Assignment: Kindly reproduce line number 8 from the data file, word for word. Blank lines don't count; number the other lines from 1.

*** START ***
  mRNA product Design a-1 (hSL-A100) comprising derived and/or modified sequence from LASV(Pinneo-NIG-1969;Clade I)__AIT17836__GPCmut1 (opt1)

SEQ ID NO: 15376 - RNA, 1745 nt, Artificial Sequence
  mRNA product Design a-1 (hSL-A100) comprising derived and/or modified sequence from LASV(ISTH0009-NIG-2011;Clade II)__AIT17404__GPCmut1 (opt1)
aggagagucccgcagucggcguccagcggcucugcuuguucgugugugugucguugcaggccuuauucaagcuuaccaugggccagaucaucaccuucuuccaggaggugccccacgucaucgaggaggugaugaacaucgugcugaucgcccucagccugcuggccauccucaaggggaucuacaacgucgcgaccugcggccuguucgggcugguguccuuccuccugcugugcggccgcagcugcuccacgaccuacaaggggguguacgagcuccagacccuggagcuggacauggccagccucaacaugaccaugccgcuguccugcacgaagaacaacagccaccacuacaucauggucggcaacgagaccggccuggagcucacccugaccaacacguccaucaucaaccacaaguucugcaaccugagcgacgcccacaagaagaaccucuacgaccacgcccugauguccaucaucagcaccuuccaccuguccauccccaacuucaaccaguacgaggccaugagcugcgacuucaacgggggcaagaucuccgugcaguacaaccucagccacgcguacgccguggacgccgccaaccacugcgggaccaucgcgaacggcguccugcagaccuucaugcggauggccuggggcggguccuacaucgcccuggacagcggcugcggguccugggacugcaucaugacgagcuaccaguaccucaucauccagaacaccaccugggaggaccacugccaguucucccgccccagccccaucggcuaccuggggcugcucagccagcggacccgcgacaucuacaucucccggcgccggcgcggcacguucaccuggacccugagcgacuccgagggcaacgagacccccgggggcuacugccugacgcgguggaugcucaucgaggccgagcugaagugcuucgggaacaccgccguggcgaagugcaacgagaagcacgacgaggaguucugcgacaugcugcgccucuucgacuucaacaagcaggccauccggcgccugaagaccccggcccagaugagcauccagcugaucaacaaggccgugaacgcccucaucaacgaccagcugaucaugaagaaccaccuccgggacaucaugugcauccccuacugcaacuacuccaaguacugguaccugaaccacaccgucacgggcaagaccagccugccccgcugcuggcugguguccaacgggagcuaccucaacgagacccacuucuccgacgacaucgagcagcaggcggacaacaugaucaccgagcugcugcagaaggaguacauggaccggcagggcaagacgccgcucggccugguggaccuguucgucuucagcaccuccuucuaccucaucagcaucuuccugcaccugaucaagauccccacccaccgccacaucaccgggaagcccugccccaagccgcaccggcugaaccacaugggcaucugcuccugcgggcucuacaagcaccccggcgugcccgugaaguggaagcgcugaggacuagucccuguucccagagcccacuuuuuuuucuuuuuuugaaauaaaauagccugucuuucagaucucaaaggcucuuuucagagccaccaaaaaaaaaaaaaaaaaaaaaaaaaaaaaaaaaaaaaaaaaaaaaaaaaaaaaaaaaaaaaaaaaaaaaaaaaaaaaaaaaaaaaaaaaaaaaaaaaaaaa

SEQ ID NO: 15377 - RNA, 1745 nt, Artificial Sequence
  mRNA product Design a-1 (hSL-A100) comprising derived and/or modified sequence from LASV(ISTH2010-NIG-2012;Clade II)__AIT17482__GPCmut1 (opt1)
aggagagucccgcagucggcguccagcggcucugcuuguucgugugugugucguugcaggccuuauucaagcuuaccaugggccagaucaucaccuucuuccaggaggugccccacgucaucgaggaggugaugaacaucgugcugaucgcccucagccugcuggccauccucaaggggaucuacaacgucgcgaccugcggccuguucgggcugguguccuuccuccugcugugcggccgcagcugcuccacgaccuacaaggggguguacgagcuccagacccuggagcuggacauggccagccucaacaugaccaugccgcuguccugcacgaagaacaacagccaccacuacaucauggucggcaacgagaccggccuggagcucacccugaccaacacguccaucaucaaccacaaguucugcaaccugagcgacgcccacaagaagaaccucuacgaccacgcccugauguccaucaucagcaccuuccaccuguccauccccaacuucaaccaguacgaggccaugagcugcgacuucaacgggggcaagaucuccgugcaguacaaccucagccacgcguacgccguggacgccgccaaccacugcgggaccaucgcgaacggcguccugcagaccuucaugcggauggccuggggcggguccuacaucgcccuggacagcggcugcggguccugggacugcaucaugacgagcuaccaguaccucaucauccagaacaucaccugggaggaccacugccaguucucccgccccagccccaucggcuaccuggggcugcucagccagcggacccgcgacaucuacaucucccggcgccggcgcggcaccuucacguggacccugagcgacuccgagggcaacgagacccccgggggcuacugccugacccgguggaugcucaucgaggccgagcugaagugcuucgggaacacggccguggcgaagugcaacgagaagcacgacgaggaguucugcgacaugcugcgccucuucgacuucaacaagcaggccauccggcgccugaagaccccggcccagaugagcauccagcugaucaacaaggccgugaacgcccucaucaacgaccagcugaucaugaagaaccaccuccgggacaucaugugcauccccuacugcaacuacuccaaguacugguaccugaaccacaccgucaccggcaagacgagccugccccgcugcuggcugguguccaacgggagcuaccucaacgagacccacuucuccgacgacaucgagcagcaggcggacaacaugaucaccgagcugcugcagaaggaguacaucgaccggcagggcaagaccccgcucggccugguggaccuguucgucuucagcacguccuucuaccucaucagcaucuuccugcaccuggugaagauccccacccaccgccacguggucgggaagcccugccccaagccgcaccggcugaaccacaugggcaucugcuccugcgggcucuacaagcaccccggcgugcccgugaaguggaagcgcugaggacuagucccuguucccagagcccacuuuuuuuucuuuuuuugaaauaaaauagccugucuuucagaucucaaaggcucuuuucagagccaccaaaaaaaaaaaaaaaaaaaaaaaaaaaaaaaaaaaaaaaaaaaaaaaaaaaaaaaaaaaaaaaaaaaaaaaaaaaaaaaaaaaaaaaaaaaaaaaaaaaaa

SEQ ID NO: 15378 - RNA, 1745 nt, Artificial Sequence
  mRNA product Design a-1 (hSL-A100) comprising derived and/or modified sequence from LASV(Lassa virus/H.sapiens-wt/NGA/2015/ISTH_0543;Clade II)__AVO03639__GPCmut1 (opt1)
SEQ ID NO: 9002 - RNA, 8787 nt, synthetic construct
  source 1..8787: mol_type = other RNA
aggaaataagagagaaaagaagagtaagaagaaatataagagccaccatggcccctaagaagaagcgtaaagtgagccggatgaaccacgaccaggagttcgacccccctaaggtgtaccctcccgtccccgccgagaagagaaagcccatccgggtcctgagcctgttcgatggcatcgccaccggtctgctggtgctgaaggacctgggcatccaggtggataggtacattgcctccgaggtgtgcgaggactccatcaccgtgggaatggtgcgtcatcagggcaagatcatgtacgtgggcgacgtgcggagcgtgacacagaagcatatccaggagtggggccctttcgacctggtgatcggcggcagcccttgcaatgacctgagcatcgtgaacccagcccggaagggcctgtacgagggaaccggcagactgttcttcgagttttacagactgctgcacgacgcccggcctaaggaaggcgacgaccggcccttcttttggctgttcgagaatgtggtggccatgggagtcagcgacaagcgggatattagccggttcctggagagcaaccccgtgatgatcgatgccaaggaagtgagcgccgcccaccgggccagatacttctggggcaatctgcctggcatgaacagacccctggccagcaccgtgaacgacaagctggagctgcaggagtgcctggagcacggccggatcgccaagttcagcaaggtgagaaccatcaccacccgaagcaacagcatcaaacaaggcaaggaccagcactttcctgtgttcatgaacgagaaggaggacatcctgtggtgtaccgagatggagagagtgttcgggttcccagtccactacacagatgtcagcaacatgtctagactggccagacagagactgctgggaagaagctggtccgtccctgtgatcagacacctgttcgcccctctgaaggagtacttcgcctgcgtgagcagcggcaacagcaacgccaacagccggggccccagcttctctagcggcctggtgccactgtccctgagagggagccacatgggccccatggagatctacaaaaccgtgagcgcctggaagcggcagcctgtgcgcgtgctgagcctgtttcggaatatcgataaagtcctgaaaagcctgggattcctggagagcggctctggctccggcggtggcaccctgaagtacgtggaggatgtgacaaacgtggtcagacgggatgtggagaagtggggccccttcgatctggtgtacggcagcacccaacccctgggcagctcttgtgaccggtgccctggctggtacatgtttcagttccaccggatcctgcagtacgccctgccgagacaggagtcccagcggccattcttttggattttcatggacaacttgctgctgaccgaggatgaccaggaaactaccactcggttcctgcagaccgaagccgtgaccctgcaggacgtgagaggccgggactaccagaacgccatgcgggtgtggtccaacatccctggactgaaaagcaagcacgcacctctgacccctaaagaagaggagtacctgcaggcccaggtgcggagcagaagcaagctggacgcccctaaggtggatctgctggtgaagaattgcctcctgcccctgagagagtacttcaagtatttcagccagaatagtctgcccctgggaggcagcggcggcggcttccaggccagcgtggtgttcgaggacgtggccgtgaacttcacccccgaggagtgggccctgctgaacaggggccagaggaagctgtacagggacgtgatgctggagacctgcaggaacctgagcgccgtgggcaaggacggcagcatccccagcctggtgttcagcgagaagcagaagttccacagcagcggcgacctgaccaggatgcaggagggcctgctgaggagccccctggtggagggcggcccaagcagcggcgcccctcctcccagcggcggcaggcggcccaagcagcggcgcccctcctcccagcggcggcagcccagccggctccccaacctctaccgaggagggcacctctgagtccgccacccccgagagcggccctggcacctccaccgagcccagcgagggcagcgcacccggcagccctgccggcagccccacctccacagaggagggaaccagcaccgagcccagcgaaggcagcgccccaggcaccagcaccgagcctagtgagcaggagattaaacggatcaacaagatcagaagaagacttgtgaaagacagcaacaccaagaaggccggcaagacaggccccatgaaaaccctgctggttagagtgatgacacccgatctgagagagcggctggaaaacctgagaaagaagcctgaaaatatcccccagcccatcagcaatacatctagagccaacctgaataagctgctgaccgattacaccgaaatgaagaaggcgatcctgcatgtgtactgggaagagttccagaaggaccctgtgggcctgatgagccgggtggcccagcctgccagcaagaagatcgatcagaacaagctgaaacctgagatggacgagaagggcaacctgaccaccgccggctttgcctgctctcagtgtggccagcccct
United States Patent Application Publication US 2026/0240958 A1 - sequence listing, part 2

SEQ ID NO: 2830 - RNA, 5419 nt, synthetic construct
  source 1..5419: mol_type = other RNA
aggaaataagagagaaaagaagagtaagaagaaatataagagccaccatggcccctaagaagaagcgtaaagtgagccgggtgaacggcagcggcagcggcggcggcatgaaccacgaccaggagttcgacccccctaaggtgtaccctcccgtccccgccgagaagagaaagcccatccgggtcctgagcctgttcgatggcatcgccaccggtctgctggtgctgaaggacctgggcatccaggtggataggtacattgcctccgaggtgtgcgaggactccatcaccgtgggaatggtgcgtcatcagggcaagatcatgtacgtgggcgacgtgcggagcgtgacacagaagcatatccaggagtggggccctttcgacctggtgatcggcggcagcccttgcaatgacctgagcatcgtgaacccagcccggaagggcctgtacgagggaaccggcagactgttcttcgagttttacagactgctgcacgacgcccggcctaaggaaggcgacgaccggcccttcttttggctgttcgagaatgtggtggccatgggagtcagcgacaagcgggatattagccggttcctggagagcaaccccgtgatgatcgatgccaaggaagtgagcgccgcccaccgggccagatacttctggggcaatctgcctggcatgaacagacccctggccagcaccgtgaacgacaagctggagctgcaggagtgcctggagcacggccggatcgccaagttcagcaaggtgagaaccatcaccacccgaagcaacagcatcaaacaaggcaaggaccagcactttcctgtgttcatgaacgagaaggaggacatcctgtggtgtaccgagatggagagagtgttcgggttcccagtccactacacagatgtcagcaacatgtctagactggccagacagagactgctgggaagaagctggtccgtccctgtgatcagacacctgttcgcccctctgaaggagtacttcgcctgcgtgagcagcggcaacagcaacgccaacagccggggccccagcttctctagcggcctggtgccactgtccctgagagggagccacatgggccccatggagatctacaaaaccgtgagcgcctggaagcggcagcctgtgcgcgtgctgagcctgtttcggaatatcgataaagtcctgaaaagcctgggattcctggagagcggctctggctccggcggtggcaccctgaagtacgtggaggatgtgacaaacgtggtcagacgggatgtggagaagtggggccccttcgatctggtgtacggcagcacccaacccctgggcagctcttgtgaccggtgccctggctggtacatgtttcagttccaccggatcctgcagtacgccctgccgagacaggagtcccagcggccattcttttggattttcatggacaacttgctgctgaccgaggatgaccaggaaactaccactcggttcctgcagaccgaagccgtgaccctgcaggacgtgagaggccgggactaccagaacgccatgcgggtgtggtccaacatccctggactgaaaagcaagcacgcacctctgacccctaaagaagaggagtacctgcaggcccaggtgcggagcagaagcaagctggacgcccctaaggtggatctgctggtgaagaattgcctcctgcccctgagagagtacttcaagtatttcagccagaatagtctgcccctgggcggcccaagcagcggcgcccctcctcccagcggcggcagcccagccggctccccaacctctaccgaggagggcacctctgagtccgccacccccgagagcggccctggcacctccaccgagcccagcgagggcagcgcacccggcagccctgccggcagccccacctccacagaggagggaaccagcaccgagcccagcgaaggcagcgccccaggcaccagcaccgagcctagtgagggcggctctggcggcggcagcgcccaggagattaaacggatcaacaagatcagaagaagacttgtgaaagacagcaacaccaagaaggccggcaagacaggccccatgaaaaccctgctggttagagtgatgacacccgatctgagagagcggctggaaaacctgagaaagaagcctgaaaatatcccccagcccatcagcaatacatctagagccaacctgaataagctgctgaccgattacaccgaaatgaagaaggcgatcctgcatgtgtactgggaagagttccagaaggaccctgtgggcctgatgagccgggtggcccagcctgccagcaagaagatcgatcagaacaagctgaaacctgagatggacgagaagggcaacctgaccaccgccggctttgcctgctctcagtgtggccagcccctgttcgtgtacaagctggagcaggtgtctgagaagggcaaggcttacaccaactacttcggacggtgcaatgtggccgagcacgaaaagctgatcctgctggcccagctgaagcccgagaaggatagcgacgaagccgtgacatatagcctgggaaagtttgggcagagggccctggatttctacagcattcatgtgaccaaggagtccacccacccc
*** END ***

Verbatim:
SEQ ID NO: 15378 - RNA, 1745 nt, Artificial Sequence